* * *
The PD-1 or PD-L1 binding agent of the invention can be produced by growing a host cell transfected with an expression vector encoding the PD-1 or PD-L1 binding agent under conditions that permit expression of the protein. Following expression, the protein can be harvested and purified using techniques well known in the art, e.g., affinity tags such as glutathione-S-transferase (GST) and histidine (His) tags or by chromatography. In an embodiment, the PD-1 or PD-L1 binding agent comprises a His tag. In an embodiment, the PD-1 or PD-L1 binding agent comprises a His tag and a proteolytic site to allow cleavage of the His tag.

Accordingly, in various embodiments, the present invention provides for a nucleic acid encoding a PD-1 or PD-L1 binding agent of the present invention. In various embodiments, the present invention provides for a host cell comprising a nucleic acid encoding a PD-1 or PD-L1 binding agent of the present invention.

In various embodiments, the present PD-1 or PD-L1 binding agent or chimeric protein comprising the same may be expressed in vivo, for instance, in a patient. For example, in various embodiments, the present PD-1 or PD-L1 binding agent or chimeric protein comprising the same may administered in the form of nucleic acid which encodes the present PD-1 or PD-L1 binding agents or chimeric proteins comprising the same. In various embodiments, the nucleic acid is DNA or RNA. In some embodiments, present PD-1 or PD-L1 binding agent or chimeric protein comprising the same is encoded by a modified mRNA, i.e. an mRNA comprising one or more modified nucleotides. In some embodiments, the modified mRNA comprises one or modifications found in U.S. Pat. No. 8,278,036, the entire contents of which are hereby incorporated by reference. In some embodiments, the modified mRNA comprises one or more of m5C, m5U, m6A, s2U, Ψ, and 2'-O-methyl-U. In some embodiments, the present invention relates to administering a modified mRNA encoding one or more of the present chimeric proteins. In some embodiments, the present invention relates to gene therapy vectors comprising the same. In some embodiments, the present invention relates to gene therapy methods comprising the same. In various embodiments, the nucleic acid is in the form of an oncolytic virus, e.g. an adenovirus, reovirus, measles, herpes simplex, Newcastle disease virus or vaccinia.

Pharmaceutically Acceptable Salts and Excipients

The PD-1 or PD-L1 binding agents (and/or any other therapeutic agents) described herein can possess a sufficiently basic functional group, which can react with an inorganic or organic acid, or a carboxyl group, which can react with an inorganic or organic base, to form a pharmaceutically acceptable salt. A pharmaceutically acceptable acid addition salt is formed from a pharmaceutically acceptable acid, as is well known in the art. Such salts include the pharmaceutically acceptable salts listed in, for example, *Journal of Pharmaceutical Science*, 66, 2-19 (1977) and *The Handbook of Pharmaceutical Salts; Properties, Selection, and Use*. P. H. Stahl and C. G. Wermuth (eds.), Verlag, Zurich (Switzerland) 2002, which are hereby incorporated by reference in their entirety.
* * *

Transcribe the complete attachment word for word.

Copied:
The PD-1 or PD-L1 binding agent of the invention can be produced by growing a host cell transfected with an expression vector encoding the PD-1 or PD-L1 binding agent under conditions that permit expression of the protein. Following expression, the protein can be harvested and purified using techniques well known in the art, e.g., affinity tags such as glutathione-S-transferase (GST) and histidine (His) tags or by chromatography. In an embodiment, the PD-1 or PD-L1 binding agent comprises a His tag. In an embodiment, the PD-1 or PD-L1 binding agent comprises a His tag and a proteolytic site to allow cleavage of the His tag.

Accordingly, in various embodiments, the present invention provides for a nucleic acid encoding a PD-1 or PD-L1 binding agent of the present invention. In various embodiments, the present invention provides for a host cell comprising a nucleic acid encoding a PD-1 or PD-L1 binding agent of the present invention.

In various embodiments, the present PD-1 or PD-L1 binding agent or chimeric protein comprising the same may be expressed in vivo, for instance, in a patient. For example, in various embodiments, the present PD-1 or PD-L1 binding agent or chimeric protein comprising the same may administered in the form of nucleic acid which encodes the present PD-1 or PD-L1 binding agents or chimeric proteins comprising the same. In various embodiments, the nucleic acid is DNA or RNA. In some embodiments, present PD-1 or PD-L1 binding agent or chimeric protein comprising the same is encoded by a modified mRNA, i.e. an mRNA comprising one or more modified nucleotides. In some embodiments, the modified mRNA comprises one or modifications found in U.S. Pat. No. 8,278,036, the entire contents of which are hereby incorporated by reference. In some embodiments, the modified mRNA comprises one or more of m5C, m5U, m6A, s2U, Ψ, and 2'-O-methyl-U. In some embodiments, the present invention relates to administering a modified mRNA encoding one or more of the present chimeric proteins. In some embodiments, the present invention relates to gene therapy vectors comprising the same. In some embodiments, the present invention relates to gene therapy methods comprising the same. In various embodiments, the nucleic acid is in the form of an oncolytic virus, e.g. an adenovirus, reovirus, measles, herpes simplex, Newcastle disease virus or vaccinia.

Pharmaceutically Acceptable Salts and Excipients

The PD-1 or PD-L1 binding agents (and/or any other therapeutic agents) described herein can possess a sufficiently basic functional group, which can react with an inorganic or organic acid, or a carboxyl group, which can react with an inorganic or organic base, to form a pharmaceutically acceptable salt. A pharmaceutically acceptable acid addition salt is formed from a pharmaceutically acceptable acid, as is well known in the art. Such salts include the pharmaceutically acceptable salts listed in, for example, *Journal of Pharmaceutical Science*, 66, 2-19 (1977) and *The Handbook of Pharmaceutical Salts; Properties, Selection, and Use*. P. H. Stahl and C. G. Wermuth (eds.), Verlag, Zurich (Switzerland) 2002, which are hereby incorporated by reference in their entirety.